fewer, but qualitatively more significant. The measures that would
interest the operations, or middle-level management involve detailed
number- crunching. A Scorecard, as a whole, will incorporate many
measures. The actual number varies across organisations, and is a
function of size, business profile, and the critical success-factors. But
any report is customised for its end-user. It presents only those
measures that are appropriate to the relevant target-group.

Second, Scorecard measures are not static; they MORPH with the
changing business dynamics. That is what makes it contemporary.
Third, the technique is a means of implementing corporate strategy.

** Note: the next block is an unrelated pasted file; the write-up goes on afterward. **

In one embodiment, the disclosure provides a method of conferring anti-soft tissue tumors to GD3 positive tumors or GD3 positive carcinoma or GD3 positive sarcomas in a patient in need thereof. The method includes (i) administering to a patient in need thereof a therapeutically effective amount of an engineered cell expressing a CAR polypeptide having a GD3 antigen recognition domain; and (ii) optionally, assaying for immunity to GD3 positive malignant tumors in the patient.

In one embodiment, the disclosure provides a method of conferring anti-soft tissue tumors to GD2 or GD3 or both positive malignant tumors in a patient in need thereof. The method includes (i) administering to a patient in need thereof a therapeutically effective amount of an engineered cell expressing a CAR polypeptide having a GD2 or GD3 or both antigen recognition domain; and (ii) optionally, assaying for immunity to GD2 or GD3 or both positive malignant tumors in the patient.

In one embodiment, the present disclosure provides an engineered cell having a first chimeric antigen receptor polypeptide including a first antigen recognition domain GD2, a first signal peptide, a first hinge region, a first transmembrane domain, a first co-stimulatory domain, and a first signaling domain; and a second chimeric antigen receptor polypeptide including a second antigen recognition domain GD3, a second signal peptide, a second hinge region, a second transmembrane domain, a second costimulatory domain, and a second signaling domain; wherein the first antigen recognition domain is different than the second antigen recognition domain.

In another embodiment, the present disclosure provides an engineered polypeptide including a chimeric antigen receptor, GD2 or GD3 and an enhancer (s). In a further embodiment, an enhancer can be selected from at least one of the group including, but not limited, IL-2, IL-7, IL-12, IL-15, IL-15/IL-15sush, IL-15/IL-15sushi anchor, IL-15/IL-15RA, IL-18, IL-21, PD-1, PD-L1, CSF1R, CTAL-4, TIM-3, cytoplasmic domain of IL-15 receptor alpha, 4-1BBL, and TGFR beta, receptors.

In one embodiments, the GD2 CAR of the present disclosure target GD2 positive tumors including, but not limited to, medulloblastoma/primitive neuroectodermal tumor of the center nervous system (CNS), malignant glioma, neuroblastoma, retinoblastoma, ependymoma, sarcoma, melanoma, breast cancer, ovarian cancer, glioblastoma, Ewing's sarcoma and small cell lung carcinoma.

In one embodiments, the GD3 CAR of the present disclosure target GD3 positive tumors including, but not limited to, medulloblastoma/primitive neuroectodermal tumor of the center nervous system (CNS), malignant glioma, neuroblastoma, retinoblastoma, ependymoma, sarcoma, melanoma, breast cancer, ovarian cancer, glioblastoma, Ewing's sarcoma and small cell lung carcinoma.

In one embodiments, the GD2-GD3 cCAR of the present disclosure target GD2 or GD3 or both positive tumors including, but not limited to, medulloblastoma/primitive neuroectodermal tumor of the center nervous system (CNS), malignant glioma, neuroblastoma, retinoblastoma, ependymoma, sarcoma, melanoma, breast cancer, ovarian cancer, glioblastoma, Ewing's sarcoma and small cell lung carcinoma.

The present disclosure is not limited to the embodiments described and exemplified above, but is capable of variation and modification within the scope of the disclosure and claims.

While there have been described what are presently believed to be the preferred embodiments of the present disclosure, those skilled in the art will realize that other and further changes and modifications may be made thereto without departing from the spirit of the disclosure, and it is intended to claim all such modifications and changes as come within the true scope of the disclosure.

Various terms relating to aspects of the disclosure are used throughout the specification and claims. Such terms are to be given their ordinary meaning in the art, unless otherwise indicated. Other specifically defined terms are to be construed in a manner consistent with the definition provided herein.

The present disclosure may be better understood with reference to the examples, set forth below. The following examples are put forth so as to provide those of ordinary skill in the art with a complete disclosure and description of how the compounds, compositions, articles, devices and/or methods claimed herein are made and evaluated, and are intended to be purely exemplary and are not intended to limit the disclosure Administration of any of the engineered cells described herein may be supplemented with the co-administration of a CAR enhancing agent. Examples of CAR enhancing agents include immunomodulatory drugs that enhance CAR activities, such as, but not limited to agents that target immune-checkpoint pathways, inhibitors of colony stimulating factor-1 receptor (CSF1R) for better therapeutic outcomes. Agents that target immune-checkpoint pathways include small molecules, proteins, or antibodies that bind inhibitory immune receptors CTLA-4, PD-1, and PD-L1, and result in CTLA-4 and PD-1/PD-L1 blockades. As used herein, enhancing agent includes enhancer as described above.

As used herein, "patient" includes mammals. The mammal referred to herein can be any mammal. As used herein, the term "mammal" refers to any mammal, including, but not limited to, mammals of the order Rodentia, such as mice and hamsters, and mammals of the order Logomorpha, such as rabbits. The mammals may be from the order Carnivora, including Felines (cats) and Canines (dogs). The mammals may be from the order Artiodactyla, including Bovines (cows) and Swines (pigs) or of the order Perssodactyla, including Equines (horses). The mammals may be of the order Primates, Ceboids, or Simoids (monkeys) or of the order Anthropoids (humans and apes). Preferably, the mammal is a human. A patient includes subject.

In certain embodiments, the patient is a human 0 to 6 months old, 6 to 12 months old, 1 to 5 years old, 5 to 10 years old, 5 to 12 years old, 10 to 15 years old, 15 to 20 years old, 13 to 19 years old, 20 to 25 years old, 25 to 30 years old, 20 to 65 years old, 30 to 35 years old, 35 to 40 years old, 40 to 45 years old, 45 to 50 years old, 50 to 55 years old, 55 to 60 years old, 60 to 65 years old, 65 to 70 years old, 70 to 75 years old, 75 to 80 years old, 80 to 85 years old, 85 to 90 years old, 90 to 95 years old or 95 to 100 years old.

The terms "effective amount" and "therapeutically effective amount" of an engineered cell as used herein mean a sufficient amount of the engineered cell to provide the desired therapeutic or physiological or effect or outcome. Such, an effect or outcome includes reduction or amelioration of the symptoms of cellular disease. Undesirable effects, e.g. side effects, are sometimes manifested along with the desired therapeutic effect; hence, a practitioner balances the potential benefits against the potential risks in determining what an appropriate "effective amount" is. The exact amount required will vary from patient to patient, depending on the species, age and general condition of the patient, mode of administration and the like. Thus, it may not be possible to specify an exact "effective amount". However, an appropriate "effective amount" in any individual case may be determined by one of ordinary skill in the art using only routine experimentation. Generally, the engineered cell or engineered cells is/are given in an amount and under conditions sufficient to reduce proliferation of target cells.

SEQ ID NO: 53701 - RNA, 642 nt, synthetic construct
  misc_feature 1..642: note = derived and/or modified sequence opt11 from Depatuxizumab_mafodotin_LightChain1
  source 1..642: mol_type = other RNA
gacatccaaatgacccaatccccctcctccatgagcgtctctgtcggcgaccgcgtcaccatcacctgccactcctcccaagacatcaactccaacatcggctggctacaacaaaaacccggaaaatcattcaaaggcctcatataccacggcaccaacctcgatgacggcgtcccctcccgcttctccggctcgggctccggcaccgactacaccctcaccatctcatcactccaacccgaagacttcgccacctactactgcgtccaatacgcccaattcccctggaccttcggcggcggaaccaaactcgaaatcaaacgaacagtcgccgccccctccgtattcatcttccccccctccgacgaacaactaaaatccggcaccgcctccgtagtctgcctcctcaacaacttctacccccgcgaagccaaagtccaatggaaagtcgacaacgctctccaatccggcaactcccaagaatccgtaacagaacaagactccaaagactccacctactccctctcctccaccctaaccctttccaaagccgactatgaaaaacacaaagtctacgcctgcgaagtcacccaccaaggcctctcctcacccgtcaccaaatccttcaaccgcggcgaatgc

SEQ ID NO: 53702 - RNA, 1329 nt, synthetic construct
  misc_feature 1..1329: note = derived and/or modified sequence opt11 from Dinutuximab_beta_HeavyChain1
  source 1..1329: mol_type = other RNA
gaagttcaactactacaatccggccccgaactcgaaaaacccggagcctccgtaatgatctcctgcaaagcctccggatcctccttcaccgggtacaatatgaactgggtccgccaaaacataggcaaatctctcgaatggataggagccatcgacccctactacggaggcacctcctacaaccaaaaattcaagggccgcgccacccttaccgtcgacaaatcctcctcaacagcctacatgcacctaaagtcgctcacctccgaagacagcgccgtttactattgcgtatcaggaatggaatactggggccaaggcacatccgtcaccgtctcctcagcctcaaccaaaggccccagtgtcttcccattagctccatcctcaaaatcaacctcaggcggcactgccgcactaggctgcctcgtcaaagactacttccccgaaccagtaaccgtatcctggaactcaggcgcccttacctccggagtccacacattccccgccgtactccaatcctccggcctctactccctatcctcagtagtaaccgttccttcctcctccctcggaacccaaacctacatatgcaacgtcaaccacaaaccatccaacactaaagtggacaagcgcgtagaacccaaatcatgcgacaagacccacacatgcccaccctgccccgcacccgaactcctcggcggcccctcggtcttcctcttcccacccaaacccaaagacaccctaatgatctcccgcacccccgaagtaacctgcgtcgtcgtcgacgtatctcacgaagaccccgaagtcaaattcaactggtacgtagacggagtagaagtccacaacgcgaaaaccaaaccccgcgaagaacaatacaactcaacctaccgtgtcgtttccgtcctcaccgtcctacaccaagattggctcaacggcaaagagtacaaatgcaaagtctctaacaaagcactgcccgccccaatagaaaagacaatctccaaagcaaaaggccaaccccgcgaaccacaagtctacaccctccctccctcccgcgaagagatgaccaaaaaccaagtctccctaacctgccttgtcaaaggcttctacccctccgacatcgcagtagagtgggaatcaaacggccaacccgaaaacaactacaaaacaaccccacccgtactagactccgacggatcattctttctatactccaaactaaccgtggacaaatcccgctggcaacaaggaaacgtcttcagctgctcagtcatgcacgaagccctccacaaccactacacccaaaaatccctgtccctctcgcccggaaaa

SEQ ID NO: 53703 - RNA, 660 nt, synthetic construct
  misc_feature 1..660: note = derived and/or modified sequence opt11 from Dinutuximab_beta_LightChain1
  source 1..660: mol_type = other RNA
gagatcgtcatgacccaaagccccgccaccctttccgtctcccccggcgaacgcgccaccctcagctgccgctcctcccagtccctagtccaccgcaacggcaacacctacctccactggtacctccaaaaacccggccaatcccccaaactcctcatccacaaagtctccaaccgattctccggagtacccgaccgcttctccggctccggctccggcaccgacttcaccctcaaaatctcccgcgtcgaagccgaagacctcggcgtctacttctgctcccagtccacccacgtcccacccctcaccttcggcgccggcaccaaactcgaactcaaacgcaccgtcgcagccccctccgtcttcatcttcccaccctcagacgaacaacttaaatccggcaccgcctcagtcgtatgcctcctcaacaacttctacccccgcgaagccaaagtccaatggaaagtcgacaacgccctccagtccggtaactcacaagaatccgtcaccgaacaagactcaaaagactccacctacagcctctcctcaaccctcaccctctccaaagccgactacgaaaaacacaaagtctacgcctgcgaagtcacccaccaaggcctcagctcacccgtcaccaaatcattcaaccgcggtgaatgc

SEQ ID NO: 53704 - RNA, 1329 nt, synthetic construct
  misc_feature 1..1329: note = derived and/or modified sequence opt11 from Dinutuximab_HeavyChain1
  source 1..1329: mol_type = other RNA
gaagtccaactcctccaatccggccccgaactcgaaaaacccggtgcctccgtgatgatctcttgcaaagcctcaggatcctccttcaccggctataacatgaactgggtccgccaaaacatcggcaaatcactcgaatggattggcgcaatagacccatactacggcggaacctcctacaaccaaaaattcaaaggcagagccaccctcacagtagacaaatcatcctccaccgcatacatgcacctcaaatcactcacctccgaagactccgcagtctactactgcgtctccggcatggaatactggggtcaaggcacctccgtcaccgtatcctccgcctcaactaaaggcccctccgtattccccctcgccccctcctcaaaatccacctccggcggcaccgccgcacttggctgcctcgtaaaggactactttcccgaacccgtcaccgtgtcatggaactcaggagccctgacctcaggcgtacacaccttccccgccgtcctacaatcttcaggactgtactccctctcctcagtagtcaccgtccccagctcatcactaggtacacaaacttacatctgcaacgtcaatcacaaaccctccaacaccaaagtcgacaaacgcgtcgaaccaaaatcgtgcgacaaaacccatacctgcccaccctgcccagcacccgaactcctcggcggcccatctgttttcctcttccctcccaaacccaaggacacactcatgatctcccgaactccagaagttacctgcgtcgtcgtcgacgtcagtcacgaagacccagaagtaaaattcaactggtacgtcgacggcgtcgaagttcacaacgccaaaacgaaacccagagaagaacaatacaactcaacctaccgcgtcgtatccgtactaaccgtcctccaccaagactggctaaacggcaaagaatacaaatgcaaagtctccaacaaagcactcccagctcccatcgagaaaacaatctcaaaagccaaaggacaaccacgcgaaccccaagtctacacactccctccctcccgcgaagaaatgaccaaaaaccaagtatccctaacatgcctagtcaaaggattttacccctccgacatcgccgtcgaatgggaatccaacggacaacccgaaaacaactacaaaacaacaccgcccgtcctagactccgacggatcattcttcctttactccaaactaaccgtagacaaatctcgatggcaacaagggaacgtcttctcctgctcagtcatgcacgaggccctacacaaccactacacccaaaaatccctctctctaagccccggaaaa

This means that you first need to have a strategy, and, of course, a
vision in place. The relevance, and the relative importance of the
various measures used in the technique is a function of the strategy.
In short, strategy bestows the concept with a sense of direction and
purpose. Without a strategy in place, the tool must work in a vacuum,
which is not only self-defeating, but also detrimental to the larger
interests of the organisation.

While there is a strategy in place at Evergreen, Pant must revisit it


with the purpose of defining it in greater detail, and secure, in the
process, a buy-in from his people since, in my view, the Evergreen
Scorecard lacks balance. It is tilted heavily in favour of the People
factor. This is justified to an extent because Evergreen's strategic
intent is to "build long-term relationships with employees and
customers." But the emphasis on the other measures is inadequate,
and that is what imbalances its Scorecard.

It would be futile to build long-term relationships with customers who


do not contribute significantly to the company's profits. Or to focus on